Regulating paint has been a balancing act, making sure hobbyists and commercial entities have access to affordable, quality paints while protecting health and environment. It has also been a moving target, since there is always the chance rules put in place today may not be deemed adequate upon further review. One of the best sources for further info is

Engine Swaps Made Easier
There's nothing more at the core of hot rodding than swapping an engine, but swaps are bound by specific state laws that may vary from state to state. Having said that, there are some general guidelines for swapping engines in production vehicles (not specially constructed vehicles, street rods, kit cars, and the like) that can keep rodders out of trouble. The basic rule of engine swapping is that the change must do no harm. This means that the engine being installed must theoretically be at least as "clean" as the one taken out.

Model Year: The engine being swapped in must be the same age or newer than the one being replaced. Crate engines can be used if they are configured to resemble an engine that was certified by the EPA and/or CARB. This essentially means that the required emissions parts must be present on the engine.

Certification Level: The engine being swapped must come from a vehicle certified to meet the same or more stringent emissions standards than the one replaced.

Vehicle Class: An engine from a vehicle class such as a motor home, medium-duty truck or marine application can't be used in a passenger car since these engines were certified to different types of emissions standards using different tests.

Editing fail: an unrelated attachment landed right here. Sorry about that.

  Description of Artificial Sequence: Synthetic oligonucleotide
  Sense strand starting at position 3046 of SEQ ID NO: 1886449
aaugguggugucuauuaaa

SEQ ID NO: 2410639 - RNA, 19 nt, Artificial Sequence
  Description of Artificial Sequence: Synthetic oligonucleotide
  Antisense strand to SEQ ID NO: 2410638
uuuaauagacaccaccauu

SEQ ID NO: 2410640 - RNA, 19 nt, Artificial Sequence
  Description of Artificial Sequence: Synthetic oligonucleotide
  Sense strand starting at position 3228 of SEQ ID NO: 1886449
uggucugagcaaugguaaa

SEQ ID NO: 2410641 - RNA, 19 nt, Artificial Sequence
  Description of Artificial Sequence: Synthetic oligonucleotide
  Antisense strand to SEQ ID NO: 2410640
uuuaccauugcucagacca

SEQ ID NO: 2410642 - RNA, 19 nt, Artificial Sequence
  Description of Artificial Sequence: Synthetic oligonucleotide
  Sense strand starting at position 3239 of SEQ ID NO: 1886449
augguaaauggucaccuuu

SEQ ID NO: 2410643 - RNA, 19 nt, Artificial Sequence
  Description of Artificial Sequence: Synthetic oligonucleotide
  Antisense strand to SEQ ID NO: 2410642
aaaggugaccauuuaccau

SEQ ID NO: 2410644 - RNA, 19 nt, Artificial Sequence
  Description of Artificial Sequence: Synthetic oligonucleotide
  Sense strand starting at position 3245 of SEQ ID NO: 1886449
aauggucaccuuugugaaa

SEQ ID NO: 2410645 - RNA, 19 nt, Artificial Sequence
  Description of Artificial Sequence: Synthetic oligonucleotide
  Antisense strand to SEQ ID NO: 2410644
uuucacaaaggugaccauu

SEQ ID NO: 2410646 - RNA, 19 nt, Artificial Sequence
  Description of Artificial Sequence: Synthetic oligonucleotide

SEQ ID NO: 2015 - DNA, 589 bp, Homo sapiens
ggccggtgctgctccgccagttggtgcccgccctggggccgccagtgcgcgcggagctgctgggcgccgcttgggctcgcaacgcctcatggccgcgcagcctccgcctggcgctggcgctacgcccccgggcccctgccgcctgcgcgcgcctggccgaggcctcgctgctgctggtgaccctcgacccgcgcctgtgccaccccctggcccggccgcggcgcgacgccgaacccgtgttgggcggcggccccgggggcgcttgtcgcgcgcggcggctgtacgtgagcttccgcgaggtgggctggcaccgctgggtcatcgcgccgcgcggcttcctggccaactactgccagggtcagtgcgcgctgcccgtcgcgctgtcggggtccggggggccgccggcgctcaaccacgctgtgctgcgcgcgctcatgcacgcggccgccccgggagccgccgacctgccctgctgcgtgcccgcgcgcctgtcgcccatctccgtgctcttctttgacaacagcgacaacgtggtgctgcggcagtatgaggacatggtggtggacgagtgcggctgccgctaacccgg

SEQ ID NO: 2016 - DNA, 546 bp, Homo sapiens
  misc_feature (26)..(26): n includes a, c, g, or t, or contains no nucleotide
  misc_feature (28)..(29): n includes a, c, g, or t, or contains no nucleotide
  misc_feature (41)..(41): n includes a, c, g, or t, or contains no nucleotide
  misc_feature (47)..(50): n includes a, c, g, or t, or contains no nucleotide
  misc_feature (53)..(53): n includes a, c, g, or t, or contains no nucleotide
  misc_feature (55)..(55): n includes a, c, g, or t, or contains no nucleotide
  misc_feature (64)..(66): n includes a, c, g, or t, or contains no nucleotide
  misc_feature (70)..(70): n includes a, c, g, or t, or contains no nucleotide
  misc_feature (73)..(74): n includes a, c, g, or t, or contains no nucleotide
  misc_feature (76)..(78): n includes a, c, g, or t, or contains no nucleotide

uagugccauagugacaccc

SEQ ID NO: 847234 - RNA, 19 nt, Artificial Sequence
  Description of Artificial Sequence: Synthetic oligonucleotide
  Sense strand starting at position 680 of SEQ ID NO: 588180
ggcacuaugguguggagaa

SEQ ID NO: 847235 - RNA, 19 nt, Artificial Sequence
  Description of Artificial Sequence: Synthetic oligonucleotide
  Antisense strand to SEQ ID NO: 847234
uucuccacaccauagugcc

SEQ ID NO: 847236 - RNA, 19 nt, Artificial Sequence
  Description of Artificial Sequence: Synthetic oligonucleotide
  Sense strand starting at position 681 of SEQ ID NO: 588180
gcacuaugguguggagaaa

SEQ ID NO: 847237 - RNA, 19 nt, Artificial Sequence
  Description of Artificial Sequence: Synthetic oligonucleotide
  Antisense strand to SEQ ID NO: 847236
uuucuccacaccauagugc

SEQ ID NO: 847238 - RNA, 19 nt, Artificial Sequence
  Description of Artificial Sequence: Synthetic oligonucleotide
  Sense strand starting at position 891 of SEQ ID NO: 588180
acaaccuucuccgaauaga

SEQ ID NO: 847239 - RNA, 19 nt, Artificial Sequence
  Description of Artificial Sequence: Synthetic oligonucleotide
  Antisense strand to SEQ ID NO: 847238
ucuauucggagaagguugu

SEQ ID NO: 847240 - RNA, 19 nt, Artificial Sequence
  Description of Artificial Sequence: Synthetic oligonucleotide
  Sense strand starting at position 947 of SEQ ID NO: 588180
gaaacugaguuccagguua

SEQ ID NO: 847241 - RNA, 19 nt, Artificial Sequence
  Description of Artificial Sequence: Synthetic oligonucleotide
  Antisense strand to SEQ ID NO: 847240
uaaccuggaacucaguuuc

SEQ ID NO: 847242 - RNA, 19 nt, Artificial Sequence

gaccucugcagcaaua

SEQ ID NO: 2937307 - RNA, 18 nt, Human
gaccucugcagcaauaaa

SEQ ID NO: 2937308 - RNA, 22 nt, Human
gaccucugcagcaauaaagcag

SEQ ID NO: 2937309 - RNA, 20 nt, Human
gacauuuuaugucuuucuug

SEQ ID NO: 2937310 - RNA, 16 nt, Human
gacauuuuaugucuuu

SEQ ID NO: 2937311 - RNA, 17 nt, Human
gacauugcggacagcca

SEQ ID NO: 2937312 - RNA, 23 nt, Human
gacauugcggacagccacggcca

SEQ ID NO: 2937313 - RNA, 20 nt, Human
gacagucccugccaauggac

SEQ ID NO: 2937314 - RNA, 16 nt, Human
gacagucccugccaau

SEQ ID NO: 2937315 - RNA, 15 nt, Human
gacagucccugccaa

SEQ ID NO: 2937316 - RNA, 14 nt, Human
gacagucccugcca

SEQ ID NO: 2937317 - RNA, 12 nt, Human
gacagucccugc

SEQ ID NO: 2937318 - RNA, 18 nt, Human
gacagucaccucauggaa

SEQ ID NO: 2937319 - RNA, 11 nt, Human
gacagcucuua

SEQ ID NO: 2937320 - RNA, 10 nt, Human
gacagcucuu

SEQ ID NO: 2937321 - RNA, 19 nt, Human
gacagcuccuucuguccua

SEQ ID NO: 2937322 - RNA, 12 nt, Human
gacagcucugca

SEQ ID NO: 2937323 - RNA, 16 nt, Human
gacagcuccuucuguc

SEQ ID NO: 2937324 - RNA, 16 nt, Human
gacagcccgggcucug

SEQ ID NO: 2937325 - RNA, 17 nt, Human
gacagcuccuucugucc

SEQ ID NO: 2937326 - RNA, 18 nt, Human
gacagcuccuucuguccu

System/Equipment: When swapping in a newer engine from a later-model vehicle, all of the relevant emissions control equipment must be transferred as well. This includes the carbon canister, the catalytic converter(s), and even parts of the on-board diagnostic (OBD) system. Some states have exceptions to this requirement, but the general rule is that as much of the donor vehicle's emissions system as possible should be transferred.

Still have questions? The EPA and many states have enforceable policies and guidelines on how to perform legal engine changes. For further information, check out EPA and California Bureau of Automotive Repair at: or

What Can You Do?
So can they kill hot rodding? Only if we let them. Is the hobby doomed? Not by a long shot, but they can legislate it nearly out of existence if we stand idly by and just assume someone else will watch out for our rights.

Much like the lobbyists that, for better or worse, watch out for the interests of other large industries in Washington, the best possible way for hot rodders to ensure that we're given fair and equal treatment is to gather together and stand behind our own watchdog group. SAN is a partnership among enthusiasts, vehicle clubs, and members of the specialty automotive parts industry in the United States and Canada who have joined forces to promote hobby-friendly legislation and oppose unfair laws. With nearly 40,000 members, 3 million contacts, and an ability to reach 30 million enthusiasts through print and press, SAN has the experience, resources, and the dedicated network of enthusiasts to stop unreasonable bills in their tracks and keep the hobby free from overly restrictive government regulation. You can, and should, be a part of it.